Now that it's May, it's time to take a look once more at the U.S. State Department’s monthly Visa Bulletin, which lists the wait times for hopeful immigrants waiting to come to the U.S. legally on family-sponsored visas. And as is the norm, the longest waits continue to be endured by those being sponsored by U.S relatives in the Philippines, followed by people waiting in Mexico.

Until recently, hopeful immigrants from the Philippines in this visa category had been waiting in line since 1988. Now, those who filed petitions in January 1989 are finally up to receive immigrant visas - which means that people who remained in line all this time have had to wait 23 years.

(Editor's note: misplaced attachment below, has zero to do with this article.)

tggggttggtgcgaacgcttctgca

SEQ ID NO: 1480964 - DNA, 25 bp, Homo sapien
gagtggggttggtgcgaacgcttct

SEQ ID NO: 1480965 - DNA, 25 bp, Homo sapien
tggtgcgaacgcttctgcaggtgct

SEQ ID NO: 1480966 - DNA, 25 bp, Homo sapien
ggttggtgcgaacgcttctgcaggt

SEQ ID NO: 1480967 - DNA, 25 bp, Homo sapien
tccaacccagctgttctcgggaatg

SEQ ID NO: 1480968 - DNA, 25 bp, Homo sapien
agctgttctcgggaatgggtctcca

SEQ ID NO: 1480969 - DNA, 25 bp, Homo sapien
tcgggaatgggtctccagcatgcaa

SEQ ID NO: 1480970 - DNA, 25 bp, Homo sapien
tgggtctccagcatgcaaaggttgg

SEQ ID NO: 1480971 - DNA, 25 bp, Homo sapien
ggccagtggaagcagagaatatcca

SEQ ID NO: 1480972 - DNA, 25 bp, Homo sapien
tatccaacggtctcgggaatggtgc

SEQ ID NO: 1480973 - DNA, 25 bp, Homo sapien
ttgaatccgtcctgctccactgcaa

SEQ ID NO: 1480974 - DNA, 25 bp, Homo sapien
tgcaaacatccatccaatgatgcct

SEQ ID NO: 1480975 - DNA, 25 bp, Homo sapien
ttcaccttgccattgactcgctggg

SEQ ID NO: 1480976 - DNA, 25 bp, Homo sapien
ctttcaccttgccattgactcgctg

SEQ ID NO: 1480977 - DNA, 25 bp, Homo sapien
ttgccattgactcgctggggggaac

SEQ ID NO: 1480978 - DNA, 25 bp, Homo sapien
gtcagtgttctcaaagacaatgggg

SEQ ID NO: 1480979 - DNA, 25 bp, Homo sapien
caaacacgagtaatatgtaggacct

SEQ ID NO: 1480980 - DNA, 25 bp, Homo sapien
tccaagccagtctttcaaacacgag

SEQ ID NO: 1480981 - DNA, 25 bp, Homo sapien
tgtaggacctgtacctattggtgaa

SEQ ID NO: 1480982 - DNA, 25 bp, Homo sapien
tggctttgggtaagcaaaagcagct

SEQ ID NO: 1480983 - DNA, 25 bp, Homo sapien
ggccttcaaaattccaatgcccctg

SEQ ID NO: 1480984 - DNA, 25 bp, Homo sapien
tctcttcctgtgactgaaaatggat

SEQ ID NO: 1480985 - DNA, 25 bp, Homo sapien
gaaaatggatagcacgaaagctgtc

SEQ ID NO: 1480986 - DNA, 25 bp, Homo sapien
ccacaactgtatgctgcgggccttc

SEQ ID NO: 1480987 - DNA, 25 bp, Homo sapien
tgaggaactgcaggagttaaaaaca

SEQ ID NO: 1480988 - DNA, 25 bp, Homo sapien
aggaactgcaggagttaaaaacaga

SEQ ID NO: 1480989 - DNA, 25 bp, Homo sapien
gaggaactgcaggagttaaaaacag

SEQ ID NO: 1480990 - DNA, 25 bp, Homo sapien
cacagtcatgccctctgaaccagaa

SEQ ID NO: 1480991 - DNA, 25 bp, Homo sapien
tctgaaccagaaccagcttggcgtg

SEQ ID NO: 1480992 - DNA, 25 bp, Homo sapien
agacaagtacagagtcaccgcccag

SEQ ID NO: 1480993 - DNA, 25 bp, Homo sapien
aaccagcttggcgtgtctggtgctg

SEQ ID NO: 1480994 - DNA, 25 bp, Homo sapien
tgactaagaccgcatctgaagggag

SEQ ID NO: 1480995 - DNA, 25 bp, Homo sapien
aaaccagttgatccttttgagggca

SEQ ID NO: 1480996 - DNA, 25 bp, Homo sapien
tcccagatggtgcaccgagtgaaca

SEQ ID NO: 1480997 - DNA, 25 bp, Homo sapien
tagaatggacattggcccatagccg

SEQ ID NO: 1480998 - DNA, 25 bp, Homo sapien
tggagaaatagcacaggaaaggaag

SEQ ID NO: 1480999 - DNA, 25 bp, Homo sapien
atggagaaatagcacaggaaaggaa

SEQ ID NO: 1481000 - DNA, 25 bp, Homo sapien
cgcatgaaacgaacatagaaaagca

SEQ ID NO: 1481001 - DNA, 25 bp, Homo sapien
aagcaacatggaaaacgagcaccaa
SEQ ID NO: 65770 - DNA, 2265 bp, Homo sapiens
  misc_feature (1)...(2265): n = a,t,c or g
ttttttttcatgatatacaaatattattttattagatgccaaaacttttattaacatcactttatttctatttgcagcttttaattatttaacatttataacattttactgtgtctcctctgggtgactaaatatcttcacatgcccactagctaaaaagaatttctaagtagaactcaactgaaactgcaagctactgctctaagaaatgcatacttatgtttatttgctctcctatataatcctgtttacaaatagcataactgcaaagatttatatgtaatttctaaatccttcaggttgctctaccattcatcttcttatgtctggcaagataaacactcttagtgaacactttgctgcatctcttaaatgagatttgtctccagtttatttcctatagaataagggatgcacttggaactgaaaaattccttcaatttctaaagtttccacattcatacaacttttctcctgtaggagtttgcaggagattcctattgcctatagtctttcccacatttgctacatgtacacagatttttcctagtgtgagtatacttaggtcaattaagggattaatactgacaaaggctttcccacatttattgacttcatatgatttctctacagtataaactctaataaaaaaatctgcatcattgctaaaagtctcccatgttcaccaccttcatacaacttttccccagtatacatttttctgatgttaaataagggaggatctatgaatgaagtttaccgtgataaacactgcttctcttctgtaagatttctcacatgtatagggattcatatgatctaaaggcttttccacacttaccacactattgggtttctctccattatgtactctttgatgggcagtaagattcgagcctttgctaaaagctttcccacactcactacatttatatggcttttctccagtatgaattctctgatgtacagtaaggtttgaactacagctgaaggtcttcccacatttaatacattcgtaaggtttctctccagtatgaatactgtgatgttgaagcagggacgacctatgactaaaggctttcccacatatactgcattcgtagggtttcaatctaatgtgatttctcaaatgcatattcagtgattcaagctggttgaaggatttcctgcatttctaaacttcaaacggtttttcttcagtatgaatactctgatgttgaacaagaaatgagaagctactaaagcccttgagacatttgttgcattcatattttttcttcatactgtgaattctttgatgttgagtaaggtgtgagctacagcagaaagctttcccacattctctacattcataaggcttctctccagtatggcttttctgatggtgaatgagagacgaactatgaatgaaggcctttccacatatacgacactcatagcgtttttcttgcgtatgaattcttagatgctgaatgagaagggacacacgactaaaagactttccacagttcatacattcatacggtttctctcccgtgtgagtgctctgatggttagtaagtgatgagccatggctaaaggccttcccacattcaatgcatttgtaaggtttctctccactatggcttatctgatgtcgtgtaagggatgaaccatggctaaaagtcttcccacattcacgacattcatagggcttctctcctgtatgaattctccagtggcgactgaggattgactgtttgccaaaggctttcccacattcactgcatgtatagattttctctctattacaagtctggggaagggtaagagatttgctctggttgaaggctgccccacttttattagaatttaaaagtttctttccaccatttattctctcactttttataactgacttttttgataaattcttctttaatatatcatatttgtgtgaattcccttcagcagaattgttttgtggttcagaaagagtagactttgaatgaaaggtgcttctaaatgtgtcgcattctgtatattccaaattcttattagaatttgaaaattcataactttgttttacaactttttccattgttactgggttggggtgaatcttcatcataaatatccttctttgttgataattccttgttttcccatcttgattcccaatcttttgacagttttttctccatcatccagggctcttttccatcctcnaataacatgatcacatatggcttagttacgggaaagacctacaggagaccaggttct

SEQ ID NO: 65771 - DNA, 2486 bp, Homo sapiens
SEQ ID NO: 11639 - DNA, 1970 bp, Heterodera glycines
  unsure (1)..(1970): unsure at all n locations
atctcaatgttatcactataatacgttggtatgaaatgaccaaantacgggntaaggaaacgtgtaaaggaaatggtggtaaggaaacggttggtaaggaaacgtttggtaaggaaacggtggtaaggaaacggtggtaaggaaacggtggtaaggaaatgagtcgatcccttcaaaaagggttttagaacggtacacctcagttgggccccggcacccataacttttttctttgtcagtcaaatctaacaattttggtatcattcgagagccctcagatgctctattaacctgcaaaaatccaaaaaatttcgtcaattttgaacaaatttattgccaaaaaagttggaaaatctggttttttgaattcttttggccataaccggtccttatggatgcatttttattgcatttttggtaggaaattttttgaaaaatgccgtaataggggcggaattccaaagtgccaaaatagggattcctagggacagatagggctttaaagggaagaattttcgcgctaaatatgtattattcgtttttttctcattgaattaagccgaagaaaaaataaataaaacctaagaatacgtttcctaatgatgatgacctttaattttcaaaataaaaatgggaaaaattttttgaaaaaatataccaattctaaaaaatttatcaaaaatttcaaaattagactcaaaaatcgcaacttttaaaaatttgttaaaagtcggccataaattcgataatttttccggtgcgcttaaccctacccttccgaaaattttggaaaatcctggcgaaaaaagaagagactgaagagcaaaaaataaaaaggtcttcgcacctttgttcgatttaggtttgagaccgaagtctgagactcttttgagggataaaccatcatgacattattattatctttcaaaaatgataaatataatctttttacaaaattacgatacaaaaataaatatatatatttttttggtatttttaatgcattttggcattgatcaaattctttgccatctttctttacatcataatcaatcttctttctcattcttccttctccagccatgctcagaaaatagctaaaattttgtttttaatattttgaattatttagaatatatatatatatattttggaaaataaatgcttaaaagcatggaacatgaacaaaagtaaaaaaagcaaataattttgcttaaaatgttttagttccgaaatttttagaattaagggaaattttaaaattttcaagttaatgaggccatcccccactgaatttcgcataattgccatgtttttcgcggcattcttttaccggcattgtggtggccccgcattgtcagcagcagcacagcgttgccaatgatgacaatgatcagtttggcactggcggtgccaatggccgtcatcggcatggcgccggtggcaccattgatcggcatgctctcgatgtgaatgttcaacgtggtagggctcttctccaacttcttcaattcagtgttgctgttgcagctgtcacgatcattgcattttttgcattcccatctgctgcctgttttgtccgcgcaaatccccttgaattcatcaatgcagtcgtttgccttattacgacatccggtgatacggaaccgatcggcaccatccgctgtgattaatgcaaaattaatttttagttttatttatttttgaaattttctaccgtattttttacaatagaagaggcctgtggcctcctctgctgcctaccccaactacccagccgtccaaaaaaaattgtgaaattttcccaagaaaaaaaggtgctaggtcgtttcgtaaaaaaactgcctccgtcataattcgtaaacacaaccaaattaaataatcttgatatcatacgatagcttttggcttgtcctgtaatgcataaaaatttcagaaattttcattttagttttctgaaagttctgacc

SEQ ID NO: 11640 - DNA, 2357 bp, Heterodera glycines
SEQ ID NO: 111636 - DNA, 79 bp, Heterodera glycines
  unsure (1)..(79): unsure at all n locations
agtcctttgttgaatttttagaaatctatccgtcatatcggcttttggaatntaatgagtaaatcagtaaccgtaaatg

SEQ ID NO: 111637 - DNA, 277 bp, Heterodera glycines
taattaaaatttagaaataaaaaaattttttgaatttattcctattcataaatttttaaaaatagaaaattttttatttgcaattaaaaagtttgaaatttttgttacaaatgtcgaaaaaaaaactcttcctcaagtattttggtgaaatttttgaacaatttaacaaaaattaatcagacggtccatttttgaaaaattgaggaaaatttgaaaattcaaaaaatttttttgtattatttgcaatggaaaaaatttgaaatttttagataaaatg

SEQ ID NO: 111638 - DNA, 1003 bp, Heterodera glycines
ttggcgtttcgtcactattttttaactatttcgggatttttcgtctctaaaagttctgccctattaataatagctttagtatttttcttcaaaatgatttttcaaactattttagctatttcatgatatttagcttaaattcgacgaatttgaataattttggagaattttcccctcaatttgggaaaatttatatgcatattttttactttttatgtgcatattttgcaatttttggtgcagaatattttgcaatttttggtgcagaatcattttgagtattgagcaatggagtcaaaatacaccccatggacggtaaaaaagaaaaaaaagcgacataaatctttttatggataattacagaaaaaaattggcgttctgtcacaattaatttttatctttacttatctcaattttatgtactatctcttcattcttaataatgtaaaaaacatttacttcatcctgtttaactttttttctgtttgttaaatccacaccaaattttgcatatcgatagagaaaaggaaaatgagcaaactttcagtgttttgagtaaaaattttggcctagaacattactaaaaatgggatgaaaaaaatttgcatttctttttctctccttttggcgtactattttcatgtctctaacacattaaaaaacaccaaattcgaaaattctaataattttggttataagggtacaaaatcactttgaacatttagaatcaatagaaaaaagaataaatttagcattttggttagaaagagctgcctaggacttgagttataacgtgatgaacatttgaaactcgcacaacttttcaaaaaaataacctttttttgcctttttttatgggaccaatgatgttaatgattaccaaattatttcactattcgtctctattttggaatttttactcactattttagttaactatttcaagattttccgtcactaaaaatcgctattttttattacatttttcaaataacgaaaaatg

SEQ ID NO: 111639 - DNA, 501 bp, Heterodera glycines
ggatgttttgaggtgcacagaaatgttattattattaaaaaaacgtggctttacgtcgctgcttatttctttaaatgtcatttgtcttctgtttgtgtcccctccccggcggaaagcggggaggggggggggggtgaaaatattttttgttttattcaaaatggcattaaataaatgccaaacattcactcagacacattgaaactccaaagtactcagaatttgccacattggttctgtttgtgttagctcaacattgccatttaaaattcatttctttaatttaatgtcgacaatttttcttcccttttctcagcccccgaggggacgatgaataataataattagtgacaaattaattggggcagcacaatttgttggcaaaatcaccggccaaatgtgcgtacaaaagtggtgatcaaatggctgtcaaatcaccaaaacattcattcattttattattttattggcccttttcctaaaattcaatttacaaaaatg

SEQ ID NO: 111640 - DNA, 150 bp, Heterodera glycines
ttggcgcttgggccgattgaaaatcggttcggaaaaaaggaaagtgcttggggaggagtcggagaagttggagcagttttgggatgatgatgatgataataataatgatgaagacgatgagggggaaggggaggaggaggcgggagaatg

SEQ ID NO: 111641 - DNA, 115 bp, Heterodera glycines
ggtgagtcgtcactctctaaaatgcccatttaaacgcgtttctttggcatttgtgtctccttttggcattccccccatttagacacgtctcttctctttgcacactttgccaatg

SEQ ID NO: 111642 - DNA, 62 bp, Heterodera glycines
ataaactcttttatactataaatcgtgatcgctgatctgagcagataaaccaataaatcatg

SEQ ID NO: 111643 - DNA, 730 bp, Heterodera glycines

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Who had the longest wait for an immigrant visa this month?

Source: Visa Bulletin for April 2012, U.S. Department of State

Nations with current longest waits for family-sponsored based immigrant visas: The priority dates shown are when applicants now up for processing filed petitions.

It's April and time for another look at the wait times for family-sponsored visas, for whom some people wait a very, very long time. We skipped a month in March, but the line hasn't budged much. According to the U.S. State Department's monthly Visa Bulletin, the longest waits continue to be endured by the siblings of U.S. citizens from the Philippines, as is the norm.

Until recently, hopeful immigrants from the Philippines in this visa category had been waiting in line since 1988. This has now moved up to 1989, with those who filed petitions in January of that year finally up to receive immigrant visas for the U.S. Here are this month's top four categories of immigrants who have faced the longest waits: